CARIB EXPRESS, the Caribbean regional in which British Airways held a 20% stake, has been wound up and its aircraft returned to British Aerospace.

The airline started operations in February 1995 with three BAe 146-100s leased from BAe's Asset Management Organisation (AMO), operating regional services from Barbados. Other than BA, shareholders included local investors holding 70% of the airline and five Caribbean governments holding 10%. The principal investor is understood to have been Trident Holdings. As well as its shareholding, BA also provided its airline-management expertise.

When Carib Express started, its ambitious business plan envisaged its fleet expanding to include turboprops, and additional routes. Co-operation with other carriers in the region was also planned. Sources indicate that the airline had good load factors, but despite this, one of the three BAe 146s was returned "by mutual agreement" this year.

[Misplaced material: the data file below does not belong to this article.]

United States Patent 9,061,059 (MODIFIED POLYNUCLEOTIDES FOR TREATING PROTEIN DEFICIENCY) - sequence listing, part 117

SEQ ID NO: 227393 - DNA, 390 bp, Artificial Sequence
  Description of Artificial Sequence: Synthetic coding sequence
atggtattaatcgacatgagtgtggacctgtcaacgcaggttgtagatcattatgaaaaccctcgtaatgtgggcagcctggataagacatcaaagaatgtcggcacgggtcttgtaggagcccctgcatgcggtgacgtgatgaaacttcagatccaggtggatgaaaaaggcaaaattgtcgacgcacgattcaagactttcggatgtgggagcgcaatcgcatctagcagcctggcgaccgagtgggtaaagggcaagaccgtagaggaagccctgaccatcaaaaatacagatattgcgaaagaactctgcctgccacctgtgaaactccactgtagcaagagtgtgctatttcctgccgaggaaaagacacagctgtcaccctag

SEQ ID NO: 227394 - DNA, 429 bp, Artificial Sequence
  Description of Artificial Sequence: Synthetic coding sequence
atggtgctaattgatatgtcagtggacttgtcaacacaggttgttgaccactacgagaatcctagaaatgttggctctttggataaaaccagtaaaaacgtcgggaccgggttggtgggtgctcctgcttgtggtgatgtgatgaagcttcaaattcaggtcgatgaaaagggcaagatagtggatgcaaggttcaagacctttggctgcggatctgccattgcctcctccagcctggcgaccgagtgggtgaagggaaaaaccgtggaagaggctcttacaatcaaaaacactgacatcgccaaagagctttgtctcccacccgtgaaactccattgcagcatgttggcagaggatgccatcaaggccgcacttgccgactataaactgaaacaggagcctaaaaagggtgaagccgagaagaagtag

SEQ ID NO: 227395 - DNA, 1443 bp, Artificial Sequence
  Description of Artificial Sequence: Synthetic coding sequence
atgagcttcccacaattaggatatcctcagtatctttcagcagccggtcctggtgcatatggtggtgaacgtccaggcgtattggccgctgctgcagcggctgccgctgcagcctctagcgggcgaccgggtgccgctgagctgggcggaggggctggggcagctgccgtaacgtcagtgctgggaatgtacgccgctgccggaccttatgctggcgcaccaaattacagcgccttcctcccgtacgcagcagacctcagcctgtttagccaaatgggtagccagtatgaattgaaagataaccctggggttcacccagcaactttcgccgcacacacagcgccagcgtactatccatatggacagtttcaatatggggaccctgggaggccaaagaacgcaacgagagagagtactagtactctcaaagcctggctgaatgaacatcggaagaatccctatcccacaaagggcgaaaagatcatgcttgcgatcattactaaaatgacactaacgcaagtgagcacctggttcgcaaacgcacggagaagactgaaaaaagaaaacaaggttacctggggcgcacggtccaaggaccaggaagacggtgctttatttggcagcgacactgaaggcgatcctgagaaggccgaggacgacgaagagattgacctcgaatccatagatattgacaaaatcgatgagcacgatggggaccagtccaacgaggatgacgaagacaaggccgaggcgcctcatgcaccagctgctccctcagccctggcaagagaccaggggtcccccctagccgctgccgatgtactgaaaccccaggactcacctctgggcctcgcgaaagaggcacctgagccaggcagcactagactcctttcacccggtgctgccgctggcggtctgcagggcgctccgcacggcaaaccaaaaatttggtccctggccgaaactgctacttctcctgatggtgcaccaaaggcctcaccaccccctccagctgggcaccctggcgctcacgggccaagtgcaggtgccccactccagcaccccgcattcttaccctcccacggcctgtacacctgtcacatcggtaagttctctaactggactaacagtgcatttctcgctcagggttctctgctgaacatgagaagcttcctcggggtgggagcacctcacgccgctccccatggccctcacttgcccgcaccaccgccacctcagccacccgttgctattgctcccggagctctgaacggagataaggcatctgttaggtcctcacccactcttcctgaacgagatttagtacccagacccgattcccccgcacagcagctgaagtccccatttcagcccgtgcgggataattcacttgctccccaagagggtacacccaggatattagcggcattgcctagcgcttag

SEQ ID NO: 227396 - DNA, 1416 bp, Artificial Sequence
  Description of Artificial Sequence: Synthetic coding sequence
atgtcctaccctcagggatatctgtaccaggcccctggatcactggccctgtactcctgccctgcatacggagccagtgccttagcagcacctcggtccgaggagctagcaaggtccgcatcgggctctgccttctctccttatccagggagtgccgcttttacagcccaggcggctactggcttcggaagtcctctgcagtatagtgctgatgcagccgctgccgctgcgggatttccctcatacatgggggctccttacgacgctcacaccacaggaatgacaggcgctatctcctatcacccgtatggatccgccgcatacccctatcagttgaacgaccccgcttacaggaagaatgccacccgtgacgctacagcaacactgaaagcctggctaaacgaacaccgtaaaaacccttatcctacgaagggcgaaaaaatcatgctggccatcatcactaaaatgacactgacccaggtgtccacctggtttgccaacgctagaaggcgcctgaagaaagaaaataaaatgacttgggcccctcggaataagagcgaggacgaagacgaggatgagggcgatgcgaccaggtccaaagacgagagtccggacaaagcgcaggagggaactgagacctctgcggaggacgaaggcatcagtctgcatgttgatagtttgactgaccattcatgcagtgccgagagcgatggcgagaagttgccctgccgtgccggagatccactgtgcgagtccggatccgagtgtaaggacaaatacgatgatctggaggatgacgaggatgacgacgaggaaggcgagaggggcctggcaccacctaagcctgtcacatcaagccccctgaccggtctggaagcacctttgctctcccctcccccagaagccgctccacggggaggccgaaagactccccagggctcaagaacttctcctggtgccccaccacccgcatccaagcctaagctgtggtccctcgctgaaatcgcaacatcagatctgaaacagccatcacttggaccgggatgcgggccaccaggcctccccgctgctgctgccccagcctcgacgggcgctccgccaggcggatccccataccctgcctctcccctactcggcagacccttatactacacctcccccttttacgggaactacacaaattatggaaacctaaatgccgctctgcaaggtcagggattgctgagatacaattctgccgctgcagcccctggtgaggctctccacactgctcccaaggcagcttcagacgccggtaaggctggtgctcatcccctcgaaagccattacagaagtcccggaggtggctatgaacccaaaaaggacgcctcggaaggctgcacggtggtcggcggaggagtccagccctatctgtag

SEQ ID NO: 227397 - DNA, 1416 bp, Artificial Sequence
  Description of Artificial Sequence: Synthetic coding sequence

Continuing financial troubles at the airline resulted in discussions being held with shareholders about restructuring and the infusion of fresh capital. Operations were suspended on 18 April when a plan could not be agreed. BA met half the costs of repatriating stranded passengers, with Trident Holdings putting up the remainder. The two remaining BAe 146s have since been ferried to maintenance company FFV's plant in Nashville, and the leases terminated.

British Airways says that it regrets the demise of Carib Express, but it will "...continue to look actively at the feasibility of further expanding its presence in the region".

Source: Flight International